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Annual Strategic Intelligence Review

International Organized Crime



Intelligence Reviews8

The Strategic Intelligence Reviews represent the highest priority concerns of our consumers in the policymaking, law enforcement, and military communities. They provide increased

depth on the issues outlined in both Presidential Decisionnd the DCI Guidance on Intelligence Priorities, Together with these documents, the Strategic Intelligence Reviews are intended to serveaseline for allocating collection and production resources and for supporting mission-based budgeting.

Strategic Intelligence Reviews





Denial and Deception


East Asia


Latin America

Neat East and South Asia

Russia and Eunwin


Multilateral, and Humanitariun Issues Force Modernization International Organized Crime Nonproliferaiien Science and Technology Strategic Military Force* Support to Diplomatic Operations Support to Military Operations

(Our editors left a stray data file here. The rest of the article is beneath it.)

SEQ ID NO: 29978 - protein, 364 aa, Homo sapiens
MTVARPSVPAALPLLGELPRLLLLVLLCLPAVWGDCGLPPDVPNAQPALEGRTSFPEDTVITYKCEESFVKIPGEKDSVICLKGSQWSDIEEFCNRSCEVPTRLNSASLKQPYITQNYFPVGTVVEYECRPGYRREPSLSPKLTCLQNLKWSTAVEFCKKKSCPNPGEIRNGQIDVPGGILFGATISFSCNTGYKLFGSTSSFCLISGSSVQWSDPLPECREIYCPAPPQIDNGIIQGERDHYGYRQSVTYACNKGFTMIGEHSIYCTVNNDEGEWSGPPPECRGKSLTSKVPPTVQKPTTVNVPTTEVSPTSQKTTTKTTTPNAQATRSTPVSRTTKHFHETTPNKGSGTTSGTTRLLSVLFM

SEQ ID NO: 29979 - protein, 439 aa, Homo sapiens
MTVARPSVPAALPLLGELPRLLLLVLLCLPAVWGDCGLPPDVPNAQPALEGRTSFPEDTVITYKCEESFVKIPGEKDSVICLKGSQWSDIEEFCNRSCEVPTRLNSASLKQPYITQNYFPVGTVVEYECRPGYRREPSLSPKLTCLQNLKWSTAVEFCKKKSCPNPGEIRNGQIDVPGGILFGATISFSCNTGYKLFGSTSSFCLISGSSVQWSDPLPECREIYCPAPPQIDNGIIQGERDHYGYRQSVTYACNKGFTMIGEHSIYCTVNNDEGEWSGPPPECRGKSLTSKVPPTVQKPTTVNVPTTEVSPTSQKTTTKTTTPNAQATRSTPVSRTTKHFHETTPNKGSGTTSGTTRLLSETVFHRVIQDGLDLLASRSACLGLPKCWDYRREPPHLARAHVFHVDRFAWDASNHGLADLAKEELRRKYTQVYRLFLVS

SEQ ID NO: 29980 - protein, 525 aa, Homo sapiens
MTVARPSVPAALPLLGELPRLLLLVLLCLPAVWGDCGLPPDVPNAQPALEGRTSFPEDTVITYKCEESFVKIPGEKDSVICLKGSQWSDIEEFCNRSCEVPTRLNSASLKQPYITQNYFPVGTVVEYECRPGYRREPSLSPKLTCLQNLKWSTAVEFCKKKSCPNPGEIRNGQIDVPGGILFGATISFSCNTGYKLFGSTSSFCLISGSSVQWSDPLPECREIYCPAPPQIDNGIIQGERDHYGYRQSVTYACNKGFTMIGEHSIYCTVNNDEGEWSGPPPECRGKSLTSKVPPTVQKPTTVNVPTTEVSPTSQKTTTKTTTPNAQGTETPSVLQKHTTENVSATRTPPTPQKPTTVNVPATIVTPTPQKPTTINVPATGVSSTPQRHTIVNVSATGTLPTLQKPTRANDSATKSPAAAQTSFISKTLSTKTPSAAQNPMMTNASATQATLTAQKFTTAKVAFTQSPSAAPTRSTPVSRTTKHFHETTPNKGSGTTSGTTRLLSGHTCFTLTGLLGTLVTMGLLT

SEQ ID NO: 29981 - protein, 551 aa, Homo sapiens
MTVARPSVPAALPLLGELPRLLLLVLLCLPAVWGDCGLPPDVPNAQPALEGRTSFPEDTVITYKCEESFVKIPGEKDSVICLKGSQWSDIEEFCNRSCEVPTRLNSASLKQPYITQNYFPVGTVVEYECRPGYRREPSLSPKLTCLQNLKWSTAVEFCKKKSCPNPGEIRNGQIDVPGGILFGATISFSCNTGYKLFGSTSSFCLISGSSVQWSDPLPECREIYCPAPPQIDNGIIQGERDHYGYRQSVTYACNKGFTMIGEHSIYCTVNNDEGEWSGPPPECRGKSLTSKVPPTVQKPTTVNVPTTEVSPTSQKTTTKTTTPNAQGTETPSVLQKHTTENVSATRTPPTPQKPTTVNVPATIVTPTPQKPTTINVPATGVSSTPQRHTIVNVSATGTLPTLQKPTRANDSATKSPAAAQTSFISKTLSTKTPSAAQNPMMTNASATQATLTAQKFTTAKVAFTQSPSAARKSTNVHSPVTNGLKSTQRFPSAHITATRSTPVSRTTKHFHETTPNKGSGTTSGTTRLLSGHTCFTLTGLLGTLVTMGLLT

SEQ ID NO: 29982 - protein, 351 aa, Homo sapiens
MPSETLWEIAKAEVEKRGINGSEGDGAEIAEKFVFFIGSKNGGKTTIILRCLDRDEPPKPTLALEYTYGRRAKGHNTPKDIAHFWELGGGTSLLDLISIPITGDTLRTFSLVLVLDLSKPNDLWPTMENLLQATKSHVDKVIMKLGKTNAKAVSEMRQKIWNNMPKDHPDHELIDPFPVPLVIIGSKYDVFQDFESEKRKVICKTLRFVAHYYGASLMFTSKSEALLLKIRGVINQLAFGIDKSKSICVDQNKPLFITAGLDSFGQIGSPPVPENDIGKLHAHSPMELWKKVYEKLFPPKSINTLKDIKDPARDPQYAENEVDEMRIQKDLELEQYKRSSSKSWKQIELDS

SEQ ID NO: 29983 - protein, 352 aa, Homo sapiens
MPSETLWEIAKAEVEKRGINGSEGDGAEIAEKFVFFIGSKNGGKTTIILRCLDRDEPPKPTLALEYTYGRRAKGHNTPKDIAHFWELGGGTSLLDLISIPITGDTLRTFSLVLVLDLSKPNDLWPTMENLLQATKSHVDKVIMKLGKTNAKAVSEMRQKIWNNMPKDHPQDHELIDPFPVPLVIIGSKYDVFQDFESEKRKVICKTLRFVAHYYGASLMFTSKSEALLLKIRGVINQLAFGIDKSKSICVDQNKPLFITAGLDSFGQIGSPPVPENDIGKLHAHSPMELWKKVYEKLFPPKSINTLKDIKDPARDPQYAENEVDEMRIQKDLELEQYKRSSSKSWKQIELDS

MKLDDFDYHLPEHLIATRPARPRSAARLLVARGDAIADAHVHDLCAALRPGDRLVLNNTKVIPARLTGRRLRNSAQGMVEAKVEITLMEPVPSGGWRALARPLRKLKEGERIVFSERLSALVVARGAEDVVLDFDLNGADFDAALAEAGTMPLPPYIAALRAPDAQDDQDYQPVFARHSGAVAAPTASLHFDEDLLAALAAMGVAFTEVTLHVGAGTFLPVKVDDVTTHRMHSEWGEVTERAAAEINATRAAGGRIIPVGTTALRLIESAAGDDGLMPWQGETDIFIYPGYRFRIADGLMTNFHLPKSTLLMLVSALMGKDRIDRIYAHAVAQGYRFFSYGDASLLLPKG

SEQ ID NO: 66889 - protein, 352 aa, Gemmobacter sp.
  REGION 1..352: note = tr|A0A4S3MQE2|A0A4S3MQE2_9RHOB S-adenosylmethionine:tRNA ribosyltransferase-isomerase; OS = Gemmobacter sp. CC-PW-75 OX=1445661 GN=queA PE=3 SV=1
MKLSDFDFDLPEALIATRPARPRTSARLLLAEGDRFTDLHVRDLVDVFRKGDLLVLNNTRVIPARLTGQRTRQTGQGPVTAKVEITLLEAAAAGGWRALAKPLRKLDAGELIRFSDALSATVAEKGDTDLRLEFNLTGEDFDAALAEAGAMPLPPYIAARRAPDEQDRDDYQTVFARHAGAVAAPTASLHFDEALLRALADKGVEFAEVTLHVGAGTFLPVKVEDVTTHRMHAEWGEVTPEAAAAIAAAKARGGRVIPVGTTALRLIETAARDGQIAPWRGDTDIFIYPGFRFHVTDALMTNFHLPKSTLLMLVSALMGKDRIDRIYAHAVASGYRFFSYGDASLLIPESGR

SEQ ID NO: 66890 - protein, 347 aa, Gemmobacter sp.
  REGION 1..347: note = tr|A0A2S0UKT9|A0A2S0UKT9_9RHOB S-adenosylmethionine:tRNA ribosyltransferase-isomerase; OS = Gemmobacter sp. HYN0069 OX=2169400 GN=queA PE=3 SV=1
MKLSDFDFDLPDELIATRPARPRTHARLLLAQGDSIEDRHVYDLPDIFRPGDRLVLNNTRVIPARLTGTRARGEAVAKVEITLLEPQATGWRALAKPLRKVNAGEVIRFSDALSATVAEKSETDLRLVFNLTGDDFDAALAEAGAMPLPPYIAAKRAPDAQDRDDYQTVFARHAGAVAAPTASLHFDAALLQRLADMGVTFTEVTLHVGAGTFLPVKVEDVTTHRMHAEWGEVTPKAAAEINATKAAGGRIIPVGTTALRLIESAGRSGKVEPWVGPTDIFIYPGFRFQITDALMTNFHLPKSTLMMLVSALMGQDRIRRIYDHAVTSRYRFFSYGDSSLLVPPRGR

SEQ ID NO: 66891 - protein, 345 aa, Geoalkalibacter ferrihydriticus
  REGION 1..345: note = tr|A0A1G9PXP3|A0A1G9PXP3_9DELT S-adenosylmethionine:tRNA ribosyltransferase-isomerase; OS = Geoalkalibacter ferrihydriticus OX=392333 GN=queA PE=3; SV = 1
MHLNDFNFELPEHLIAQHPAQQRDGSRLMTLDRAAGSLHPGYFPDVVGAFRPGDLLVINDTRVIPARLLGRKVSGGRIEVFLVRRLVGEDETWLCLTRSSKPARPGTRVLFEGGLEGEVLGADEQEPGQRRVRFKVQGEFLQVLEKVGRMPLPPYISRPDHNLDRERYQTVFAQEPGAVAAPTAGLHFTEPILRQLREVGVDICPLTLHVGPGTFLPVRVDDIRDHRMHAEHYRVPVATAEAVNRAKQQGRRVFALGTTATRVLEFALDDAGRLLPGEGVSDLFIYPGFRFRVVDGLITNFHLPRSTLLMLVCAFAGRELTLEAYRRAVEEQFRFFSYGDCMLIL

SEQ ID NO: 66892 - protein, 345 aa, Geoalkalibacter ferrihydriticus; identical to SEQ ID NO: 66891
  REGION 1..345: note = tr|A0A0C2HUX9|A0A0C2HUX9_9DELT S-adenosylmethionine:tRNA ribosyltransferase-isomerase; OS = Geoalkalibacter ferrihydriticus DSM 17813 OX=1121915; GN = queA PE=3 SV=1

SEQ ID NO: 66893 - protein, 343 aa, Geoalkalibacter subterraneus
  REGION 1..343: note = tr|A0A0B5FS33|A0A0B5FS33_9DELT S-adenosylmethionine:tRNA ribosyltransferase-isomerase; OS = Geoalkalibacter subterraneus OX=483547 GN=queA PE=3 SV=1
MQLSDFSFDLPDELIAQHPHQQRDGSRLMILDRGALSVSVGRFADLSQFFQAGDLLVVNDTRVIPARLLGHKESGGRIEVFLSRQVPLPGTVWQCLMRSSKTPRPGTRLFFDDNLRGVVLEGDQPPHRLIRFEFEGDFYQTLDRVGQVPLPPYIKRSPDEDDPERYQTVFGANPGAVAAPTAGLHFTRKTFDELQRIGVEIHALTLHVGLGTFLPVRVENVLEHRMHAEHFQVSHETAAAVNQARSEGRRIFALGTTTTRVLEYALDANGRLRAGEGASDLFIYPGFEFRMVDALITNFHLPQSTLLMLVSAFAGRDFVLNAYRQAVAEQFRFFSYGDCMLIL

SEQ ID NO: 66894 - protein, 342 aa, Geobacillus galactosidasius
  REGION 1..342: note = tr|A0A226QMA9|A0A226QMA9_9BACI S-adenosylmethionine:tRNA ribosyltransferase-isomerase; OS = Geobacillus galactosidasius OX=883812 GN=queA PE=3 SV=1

The above information is Unclassified

Scope Note

Strategic Intelligence Review for

International Organized Crime| |

They identify ihe core issues of highest priority concernenior intelligence consumcis in the policymaking, law cnforccmcnl. and mililHry-opertttiona) communities. These core issues reflect direct contribution* from imr consumers mid provide greater detail on and parallel the intelligence priorities listed in Presidential Decisionnd the DCI Guidunct on Priori/in. The core itsue*ramework and lubstaniive basis for resource considerations.